Mets are in a sorry state of affairs
Leave aside the image of a shirtless executive challenging minor leaguers to fist fights, or a general manager accusing a good reporter of being out for a job running the farm system, or rumors that the team's owners will soon be seen on what's left of the Bowery shaking tin cups. What matters about the New York Mets is that, Sunday's sound 4-1 (
On their annual visit to Chicago this weekend, for example, the Mets lineup counted one player good enough to start for a championship team. That player,
This is horrifying in its way, but of course the Mets' disabled list is currently populated by players earning salaries of about $87 million this year, comparable to the payroll of the St. Louis Cardinals and greater than those San Francisco Giants, Colorado Rockies and Texas Rangers. The Mets' four best hitters, their three best starting pitchers, their top reliever, and their top hitting and pitching prospects are all injured, and even if this is in part because of bad management and bad medical care, you can still forgive them a bad lineup, or even three.
What was really appalling was that Castillo was joined not by limited but useful players forced into roles beyond their talent, but by one of the stranger collections of broken toys you'll ever see on a major league field. The number three and four spots in the lineup were taken by
The problem isn't that these players shouldn't be playing -- someone has to take the field, and this is who the Mets have. The problem is that they were on the team to begin with. Except for
What might (or might not) soothe the nerves of Mets fans, though, is that this team was probably fated never to do anything at all, even if it hadn't lost four MVP-type players and a Cy Young candidate. Teams structured like the Mets -- the reigning world champion Philadelphia Phillies, for one -- have done well in the past and will do well in the future. But they rarely do quite as well as they should. The injury plague, with the attendant spectacle of Francoeur batting cleanup, is a MacGuffin.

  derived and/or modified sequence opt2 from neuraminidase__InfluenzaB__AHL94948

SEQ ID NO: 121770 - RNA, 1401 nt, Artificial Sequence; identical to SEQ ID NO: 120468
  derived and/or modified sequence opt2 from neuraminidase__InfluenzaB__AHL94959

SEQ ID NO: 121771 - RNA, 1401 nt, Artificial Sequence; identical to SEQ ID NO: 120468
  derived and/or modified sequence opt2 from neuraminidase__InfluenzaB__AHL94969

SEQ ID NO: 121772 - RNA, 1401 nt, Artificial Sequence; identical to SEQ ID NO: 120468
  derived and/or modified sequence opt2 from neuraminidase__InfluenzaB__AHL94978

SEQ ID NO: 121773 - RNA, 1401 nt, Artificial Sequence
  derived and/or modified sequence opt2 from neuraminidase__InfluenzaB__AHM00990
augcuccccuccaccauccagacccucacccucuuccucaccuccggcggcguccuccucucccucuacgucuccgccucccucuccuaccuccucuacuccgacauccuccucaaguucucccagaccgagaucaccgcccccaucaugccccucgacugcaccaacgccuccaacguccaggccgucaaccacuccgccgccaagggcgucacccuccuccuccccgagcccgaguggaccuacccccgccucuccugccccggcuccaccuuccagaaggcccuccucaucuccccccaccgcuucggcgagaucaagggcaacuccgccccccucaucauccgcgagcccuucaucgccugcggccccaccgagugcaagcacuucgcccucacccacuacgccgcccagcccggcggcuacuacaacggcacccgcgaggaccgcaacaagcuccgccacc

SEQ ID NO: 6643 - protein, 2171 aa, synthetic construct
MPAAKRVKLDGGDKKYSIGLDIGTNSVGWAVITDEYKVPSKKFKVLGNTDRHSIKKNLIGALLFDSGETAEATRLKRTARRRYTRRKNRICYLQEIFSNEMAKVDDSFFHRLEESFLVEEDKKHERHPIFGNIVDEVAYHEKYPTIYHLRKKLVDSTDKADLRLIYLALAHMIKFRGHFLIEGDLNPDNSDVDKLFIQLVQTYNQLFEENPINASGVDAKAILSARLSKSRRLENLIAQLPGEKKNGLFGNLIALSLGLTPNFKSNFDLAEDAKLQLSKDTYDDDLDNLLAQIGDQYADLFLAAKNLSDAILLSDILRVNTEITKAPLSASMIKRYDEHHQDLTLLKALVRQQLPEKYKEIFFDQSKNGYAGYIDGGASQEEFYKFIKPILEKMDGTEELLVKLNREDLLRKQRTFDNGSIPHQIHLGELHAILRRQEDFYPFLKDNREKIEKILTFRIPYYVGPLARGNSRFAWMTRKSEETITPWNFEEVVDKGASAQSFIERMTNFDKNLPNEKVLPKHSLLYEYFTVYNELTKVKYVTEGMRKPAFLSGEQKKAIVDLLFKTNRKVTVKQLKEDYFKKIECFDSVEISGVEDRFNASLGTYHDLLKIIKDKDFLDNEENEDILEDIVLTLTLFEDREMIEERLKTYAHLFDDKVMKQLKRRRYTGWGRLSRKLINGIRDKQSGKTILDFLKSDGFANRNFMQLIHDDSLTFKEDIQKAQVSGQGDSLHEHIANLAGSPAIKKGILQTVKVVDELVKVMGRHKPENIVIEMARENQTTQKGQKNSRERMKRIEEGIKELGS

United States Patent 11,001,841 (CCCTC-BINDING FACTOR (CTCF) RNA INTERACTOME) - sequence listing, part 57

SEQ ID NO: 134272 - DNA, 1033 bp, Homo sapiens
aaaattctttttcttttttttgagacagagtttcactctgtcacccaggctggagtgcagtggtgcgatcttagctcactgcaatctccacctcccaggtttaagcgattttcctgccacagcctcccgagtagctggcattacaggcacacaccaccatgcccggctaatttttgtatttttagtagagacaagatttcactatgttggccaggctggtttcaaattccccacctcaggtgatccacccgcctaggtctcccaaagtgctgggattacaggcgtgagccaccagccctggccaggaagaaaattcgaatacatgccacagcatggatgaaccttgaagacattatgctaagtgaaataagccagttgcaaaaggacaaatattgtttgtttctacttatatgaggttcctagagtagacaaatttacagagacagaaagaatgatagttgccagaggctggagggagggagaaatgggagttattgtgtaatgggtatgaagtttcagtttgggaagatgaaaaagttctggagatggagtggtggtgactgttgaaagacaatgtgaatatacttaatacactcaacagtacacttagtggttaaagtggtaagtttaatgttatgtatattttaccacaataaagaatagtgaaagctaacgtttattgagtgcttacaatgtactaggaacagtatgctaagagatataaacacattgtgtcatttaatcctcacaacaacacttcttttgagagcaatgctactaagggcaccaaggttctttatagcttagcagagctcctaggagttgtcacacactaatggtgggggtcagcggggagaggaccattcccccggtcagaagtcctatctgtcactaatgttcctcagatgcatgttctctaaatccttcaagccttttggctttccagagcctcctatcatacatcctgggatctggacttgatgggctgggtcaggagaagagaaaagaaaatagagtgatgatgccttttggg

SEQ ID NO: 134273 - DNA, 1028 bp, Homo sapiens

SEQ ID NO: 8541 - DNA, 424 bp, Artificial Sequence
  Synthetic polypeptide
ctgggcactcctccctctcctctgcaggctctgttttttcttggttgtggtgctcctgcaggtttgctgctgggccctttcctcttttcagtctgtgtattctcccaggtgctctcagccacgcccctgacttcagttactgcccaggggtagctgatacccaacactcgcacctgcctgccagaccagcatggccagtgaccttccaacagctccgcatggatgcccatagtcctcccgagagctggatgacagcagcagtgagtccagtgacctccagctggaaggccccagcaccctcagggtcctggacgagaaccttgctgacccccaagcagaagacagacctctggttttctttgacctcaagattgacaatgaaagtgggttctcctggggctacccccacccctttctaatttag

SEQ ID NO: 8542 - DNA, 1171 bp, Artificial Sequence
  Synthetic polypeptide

The Mets are a stars-and-scrubs team. Like the late 1950s Milwaukee Braves (who had
Why any team would ever be built like this is an interesting question -- after all, there is a lot of advantage to be had in making sure that your lesser players aren't actively bad, and no general manager is so dumb or inept that he doesn't realize this. The obvious reason is that star players suck up a lot of cash, leaving less money to fill out the rest of the roster. Another reason is that it can actually be useful to have a lot of C-grade talent around; if someone like Reed or Sullivan gets hot, you ride him, and if he doesn't, it's no big deal.
Structurally, though, this puts immense pressure on management already under stress because they have a team with lots of great players and are expected to win a championship. And this is a key reason why organizations set up like this tend to bleed talent. (Think of the Mets giving away players like
Put together a team that's built around iffy secondary talent and a structure that's -- if anything -- not built to accommodate it and you get messes like the
That, though, doesn't seem likely at all. For decades now the Mets have operated on a boom-and-bust cycle under management with sketchy lines of authority. This has gone on under enough different regimes that one suspects it has less to do with Minaya and field manager